Brother, by David Chariandy
Brother, by David Chariandy
David Chariandy has had an incredible year and a half since the publication of his second novel, Brother (2017). The accolades and awards for Brother continue to roll in, even as his third book—the slim memoir I’ve Been Meaning to Tell You: A Letter to My Daughter (2018)—gradually claims its own ground in literary circles. His first novel, Soucouyant, published in 2007, was set in Scarborough, Ontario, and tells the story of a mother’s decline into dementia. Brother is also set in Scarborough and chronicles the aftermath of violent loss. The narrators of both novels are haunted by the elsewhere of their parents’ pasts in Trinidad and the dangers and discomforts of being othered in Canada. For this issue, sx salon gathered a few voices from Canada and the Caribbean to discuss multiple dimensions of Chariandy’s second novel.
In “‘That Body Always Just a Skin Away’: Brotherly Love and the Intimacies of Men in David Chariandy’s Brother,” Michael A. Bucknor explores the intricacies of homosocial spaces in the novel, considering also the Caribbean tropes of masculinity that travel to and in diasporic spaces. In “Harden,” DJ and Afrosonic scholar Mark V. Campbell traces the aural ways that Chariandy’s “refusal of linearity and embrace of an intergenerational remix scores a new narrative of the children of the Caribbean diaspora.” And in “Complicated Mourning: Memory and Nostalgia in Brother,” Camille Isaacs troubles the lines between nostalgia, sentiment, and survival in the novel, identifying objects and places through which a dislocated people attempt to root their histories and insist their presence. In the aptly titled “The Acknowledgments,” Chariandy gracefully responds to these varied approaches, positioning Bucknor, Campbell, and Isaacs within a network of writers and critics articulating the “aesthetic and cultural kinships” of Caribbean and black Canadian life.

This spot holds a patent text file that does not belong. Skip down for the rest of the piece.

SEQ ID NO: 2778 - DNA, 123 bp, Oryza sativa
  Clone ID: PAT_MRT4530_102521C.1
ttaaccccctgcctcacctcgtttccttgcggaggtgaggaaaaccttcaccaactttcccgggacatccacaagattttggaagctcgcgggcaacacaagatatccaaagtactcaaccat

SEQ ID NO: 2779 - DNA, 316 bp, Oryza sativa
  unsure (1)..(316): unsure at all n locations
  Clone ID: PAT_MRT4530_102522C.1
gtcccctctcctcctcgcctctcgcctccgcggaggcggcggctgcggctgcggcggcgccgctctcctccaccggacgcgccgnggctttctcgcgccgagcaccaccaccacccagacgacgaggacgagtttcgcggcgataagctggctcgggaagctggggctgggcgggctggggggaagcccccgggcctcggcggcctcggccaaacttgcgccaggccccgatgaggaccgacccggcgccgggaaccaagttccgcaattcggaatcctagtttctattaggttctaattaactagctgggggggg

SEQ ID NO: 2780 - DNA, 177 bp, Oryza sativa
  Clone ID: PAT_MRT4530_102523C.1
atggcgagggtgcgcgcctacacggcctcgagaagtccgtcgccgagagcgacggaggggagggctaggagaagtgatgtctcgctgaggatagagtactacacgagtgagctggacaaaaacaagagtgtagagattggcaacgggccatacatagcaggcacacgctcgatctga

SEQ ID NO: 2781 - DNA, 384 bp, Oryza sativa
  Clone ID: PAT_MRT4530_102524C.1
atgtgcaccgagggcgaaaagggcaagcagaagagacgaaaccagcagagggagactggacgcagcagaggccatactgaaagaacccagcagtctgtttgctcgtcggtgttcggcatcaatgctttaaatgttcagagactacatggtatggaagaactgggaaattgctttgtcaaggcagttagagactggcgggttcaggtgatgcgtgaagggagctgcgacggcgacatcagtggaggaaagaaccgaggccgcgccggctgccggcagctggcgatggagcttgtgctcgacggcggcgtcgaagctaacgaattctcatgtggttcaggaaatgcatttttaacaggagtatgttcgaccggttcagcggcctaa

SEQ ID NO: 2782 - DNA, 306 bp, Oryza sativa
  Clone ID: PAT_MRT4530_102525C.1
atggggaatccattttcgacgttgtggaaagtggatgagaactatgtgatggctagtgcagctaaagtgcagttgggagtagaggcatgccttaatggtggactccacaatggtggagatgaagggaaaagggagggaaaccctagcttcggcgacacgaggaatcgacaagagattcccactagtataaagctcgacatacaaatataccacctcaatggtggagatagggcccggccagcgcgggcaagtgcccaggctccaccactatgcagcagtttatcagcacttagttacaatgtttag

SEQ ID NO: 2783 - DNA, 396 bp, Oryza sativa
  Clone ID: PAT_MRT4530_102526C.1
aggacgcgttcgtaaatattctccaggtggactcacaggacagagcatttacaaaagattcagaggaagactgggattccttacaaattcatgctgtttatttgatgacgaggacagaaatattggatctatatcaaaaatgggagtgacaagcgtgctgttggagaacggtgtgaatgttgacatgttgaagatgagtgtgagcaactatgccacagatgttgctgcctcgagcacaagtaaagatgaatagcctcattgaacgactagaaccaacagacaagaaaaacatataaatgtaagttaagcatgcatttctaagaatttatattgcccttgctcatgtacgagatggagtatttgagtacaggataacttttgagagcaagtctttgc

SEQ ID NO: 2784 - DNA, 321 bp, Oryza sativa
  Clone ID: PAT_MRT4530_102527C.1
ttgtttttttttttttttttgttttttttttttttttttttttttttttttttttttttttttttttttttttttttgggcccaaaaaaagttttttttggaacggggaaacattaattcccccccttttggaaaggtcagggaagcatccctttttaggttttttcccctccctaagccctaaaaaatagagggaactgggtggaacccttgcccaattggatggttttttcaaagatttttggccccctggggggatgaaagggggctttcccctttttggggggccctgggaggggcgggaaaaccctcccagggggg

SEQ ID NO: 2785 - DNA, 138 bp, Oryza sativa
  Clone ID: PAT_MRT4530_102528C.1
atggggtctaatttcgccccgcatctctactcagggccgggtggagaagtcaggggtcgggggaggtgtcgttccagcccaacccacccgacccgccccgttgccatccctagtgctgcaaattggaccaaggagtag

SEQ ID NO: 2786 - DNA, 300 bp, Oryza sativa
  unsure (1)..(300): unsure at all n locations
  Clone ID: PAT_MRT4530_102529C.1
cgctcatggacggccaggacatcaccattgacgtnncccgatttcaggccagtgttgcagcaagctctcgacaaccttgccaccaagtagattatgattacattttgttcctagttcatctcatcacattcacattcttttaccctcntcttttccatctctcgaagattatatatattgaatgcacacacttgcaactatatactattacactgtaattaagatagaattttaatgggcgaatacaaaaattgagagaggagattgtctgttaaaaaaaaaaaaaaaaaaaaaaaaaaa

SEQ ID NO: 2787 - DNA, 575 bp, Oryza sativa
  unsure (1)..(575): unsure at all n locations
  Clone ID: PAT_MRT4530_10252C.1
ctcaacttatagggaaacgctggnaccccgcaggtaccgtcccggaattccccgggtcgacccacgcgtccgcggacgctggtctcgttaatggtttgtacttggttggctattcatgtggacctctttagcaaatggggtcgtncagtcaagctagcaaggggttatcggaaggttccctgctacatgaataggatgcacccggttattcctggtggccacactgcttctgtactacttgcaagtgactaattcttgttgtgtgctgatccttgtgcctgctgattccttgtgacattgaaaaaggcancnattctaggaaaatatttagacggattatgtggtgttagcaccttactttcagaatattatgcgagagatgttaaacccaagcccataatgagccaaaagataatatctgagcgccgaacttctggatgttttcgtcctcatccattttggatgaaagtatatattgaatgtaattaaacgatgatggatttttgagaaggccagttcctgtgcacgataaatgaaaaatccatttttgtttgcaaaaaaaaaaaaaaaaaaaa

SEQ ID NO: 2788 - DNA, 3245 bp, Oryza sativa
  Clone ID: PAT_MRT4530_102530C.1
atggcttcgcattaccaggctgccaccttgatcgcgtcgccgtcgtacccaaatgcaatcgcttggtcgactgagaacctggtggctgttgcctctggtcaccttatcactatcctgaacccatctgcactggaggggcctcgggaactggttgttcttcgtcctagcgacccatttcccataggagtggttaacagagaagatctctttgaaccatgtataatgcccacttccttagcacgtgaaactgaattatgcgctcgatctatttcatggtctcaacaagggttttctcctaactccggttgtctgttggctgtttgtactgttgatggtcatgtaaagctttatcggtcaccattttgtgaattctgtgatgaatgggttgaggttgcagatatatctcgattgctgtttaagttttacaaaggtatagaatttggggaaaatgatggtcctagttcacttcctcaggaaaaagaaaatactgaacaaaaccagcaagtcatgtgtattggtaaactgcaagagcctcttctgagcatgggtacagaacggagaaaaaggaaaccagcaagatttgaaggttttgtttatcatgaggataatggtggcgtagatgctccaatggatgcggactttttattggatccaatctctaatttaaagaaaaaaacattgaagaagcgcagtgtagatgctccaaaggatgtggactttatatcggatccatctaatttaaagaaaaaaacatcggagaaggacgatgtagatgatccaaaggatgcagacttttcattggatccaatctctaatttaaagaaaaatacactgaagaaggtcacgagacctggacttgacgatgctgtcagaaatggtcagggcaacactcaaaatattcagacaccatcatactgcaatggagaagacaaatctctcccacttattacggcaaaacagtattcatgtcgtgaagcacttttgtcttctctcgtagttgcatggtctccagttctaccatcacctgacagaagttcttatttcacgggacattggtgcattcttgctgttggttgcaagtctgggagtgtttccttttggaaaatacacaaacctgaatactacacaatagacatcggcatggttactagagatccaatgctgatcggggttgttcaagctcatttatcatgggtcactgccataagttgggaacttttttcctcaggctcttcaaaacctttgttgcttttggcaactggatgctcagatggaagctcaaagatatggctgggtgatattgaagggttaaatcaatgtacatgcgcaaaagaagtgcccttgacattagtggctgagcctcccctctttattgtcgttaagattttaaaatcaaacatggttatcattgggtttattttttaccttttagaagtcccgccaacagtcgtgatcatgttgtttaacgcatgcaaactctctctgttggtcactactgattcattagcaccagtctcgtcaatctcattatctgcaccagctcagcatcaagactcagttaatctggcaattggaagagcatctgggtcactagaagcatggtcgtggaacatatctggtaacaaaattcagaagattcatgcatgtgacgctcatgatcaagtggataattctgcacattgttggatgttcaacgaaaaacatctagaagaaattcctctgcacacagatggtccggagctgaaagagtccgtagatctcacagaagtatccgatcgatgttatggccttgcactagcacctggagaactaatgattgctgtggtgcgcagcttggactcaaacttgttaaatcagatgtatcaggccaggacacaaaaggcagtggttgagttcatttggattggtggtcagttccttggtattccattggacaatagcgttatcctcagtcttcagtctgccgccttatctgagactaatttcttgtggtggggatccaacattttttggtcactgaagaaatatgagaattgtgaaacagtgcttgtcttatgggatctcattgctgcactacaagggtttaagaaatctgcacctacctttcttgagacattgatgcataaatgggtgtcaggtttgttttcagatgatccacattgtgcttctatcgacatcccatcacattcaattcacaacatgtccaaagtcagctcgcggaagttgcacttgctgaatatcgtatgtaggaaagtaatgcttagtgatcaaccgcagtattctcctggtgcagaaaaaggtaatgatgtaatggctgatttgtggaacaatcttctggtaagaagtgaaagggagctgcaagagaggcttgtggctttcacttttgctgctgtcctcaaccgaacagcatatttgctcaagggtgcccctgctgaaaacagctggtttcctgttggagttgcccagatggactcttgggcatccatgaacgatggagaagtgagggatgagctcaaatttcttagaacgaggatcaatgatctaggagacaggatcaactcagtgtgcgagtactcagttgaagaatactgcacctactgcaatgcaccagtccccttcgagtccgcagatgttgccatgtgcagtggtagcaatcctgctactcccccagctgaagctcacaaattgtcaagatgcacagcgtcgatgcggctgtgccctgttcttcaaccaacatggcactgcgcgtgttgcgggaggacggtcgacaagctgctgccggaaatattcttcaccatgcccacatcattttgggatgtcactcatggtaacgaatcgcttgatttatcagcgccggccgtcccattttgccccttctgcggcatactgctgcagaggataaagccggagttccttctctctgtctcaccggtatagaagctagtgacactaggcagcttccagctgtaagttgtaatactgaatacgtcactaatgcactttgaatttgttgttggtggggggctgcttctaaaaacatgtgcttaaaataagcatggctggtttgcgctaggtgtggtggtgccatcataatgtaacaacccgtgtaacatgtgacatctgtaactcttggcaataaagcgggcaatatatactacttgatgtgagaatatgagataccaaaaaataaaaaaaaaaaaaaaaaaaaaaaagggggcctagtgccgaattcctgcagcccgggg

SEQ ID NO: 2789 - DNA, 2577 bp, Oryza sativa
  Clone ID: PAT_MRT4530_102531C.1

Also in this issue, Sonya Donaldson reviews Isles of Noise: Sonic Media in the Caribbean, by Alejandra Bronfman; Saudi Garcia reviews The Borders of Dominicanidad: Race, Nation, and the Archives of Contradiction, by Lorgia García-Peña; Justin Rogers-Cooper reviews The Black Jacobins Reader, edited by Charles Forsdick and Christian Høgsbjerg; and Eric J. Disbro reviews Erotic Islands: Art and Activism in the Queer Caribbean, by Lyndon K. Gill. In our Poetry and Prose section, we carry a short but striking story by Kim Robinson-Walcott and innovative new poetry from Ana Portnoy Brimmer, Vincent Toro, and Raquel Salas Rivera.
We hope you enjoy reading.
Kelly Baker Josephs
Table of Contents
Introduction and Table of Contents—Kelly Baker Josephs
The Politics of Sound—Sonya Donaldson
Alejandra Bronfman, Isles of Noise: Sonic Media in the Caribbean (Chapel Hill: University of North Carolina Press, 2016)
Living Contra-Dictions: Exploring the Racial Ontology of Hispaniola/Kiskeya/Ayiti—Saudi Garcia
Lorgia García-Peña, The Borders of Dominicanidad: Race, Nation and the Archives of Contradiction (Durham, NC: Duke University Press, 2016)
The Lives and Afterlives of The Black Jacobins—Justin Rogers-Cooper
Charles Forsdick and Christian Høgsbjerg, eds., The Black Jacobins Reader (Durham, NC: Duke University Press, 2017)
Mapping the Political-Sensual-Spiritual Potential of the Lordean Erotic—Eric J. Disbro
Lyndon K. Gill, Erotic Islands: Art and Activism in the Queer Caribbean (Durham, NC: Duke University Press, 2018)
Discussion—Brother, by David Chariandy